"We can confirm that the president has left the capital. He's gone south to his heartland ... where he's from," he said.
"We also understand that the prime minister has resigned and he was escorted safely from the White House, which is the Kyrgyz presidential administration building in the centre of the capital.
"So what appears to be the case is the Bakiyev government is no more in Bishkek. But the government has been effectively relocating to the south of the country."
Appeal for calm
Forestier-Walker said the news came after opposition members commandeered one of the main government television stations earlier in the day.
Al Jazeera's Robin Forestier-Walker reports
on the deadly clashes in Bishkek
"They came on air and talked about the situation, appealing for calm and appealing for people to protect small businesses and shops from looters," he said.
"But most significantly, they described having formed a people's assembly and that they've appointed someone to take charge of Bishkek, which more or less means that they're saying, 'We're in charge. We're in control. We're now the government'."
The announcement came after hours of violent clashes in Bishkek, in which at least 40 people were killed and more than 400 others wounded, Kyrgyzstan's health ministry said.
But the opposition said at least 100 people had died.
Thousands of protesters angry over corruption and rising utility bills had earlier seized government buildings and clashed with riot police who fired tear gas, rubber bullets and flash grenades at the crowd.
Our correspondent said the protesters' grievances are a mixture of political and economic frustrations.
"When it comes to real frustration, it's the economic problems that really motivate people. The key turning point may have been the imposition of new utility bill tariffs," he said.
"People's energy bills doubled overnight in January and that caused serious consternation among a significant part of the population who are largely poor by international standards.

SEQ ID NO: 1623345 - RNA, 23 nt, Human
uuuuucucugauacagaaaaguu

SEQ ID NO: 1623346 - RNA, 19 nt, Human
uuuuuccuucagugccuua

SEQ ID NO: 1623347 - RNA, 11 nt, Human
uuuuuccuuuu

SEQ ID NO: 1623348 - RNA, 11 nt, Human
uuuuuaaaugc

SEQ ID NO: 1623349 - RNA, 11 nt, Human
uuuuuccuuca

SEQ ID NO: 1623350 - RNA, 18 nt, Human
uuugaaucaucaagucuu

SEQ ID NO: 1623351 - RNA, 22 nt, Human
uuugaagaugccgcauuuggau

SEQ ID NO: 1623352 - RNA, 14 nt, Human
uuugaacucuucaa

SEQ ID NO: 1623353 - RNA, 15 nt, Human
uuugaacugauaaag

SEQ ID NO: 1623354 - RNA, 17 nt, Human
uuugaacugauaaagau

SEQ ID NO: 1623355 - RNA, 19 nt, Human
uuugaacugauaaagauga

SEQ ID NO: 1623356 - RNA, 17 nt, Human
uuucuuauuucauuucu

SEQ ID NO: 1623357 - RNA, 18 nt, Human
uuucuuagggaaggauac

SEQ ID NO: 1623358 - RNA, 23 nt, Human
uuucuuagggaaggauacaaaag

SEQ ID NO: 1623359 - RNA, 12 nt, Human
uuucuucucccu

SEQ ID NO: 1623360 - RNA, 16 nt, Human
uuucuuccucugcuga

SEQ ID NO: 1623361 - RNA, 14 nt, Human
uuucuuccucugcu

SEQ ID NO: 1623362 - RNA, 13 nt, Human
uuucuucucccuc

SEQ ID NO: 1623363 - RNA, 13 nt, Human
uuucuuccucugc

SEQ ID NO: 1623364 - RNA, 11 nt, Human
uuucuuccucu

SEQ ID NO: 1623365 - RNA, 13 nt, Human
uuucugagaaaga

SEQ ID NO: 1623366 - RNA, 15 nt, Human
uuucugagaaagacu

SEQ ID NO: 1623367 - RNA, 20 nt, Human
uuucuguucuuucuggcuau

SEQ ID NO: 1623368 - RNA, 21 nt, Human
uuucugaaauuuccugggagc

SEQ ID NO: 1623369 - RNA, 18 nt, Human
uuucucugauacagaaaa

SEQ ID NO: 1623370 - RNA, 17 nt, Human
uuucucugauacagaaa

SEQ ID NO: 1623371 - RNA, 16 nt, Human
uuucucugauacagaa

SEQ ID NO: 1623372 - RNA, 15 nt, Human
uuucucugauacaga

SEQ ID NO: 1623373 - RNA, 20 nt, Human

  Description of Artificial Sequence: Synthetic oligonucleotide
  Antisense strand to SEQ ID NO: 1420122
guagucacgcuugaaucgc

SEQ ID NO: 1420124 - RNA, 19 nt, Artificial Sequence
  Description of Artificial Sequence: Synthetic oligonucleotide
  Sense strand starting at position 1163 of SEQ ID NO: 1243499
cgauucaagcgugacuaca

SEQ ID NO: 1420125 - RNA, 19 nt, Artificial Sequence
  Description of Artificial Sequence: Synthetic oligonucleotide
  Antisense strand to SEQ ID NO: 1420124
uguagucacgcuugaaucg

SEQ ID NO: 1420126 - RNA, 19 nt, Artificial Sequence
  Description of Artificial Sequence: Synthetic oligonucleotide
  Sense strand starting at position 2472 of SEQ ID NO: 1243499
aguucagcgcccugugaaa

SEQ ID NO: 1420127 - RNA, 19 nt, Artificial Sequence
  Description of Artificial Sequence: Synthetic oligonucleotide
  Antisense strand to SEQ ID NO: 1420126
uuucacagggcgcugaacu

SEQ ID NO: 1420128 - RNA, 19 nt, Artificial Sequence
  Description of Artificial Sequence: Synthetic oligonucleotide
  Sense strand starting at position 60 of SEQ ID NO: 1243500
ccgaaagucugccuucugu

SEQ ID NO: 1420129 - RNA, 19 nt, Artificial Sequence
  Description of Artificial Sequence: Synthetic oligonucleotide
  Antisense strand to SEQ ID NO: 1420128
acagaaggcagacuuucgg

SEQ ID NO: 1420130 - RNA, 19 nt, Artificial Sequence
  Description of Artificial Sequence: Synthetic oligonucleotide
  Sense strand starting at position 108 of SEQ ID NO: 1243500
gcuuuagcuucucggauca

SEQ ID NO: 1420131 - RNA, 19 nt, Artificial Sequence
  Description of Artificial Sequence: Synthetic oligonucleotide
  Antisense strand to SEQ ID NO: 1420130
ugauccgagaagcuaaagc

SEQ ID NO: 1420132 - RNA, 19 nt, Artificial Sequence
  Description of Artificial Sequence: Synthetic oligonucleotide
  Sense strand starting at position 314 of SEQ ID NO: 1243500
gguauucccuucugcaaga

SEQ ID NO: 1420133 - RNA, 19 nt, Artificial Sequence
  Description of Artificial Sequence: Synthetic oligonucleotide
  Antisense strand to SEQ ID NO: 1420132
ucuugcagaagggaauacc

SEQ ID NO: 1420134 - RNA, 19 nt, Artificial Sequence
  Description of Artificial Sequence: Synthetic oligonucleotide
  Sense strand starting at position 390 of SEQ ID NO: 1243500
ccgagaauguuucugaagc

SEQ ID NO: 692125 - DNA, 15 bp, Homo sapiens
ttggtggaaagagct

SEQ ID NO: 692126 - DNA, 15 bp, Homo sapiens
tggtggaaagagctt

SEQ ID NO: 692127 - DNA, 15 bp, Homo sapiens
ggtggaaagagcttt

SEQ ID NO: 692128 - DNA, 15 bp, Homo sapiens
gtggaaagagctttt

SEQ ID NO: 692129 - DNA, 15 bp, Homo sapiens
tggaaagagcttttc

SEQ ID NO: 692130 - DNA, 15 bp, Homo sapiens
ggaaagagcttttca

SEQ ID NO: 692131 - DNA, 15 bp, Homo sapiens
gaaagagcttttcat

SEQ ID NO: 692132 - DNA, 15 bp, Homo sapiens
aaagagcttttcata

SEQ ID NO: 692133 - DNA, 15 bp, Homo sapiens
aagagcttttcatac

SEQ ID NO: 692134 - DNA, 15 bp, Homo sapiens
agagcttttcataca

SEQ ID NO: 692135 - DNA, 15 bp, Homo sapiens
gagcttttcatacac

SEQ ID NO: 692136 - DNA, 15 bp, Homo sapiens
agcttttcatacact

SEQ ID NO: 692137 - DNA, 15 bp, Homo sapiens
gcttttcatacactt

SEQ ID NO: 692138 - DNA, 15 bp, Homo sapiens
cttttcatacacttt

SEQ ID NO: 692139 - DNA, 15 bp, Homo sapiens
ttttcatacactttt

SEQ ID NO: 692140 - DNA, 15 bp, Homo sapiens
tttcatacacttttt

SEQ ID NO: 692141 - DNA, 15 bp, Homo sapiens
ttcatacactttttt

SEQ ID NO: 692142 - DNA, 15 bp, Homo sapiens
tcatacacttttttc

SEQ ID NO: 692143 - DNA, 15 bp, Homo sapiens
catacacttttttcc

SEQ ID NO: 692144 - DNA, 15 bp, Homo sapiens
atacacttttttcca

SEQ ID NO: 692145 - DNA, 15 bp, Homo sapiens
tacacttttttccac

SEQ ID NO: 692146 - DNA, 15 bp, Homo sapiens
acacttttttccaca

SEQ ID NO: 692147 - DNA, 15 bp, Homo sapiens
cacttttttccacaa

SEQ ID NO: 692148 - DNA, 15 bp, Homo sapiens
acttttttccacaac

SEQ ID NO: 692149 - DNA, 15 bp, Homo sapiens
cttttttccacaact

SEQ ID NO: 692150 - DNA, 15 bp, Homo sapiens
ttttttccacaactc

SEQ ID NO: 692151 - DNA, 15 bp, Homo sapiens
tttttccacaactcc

State of emergency
Authorities declared a nationwide state of emergency following the violence.
Wednesday's unrest came a day after thousands of people in the northwest town of Talas stormed regional government offices.
The protesters broke into a government building where they briefly took hostage Bolotbek Beishenbekov, the local administrator.
Hundreds of demonstrators then gathered around a local police station and threw Molotov cocktails at portraits of Bakiyev.
Omurbek Tekebayev, the leader of opposition party Ata-Meken, said the protest in Talas was part of a wave of rallies planned by the opposition to put pressure on Bakiyev to meet their demands.
Tekebayev demanded that Bakiyev urgently tackle corruption and fire his relatives from senior government positions.
The unrest comes amid rising tensions between the opposition and Bakiyev's government, which they accuse of cracking down on independent media and fostering corruption.
Bakiyev came to power five years ago after street protests led to the country's so-called Tulip Revolution which ousted his predecessor.
|Clashes between police and protesters spread to several cities in the north [Reuters]
Bruce Pannier, a journalist and Kyrgyzstan expert with Radio Free Europe Radio Liberty in Prague, said Bakiyev promised to reform the country when he came into office five years ago.
"[But] his fight against corruption hasn't really gone very far in the government," he told Al Jazeera.
"As far as him combating nepotism, the people in Kyrgyzstan know that Bakiyev appointed several of his brothers to state positions and that his son is actually running the Kyrgyz economy.
"As far as an independent media, Kyrgyzstan always had a fairly vibrant independent media ... but since the start of 2009, the situation has taken a definite turn for the worst."
Earlier this month, a Kyrgyz court shut an opposition newspaper and banned two newspapers close to the opposition, fining them $111,000 for allegedly insulting Bakiyev.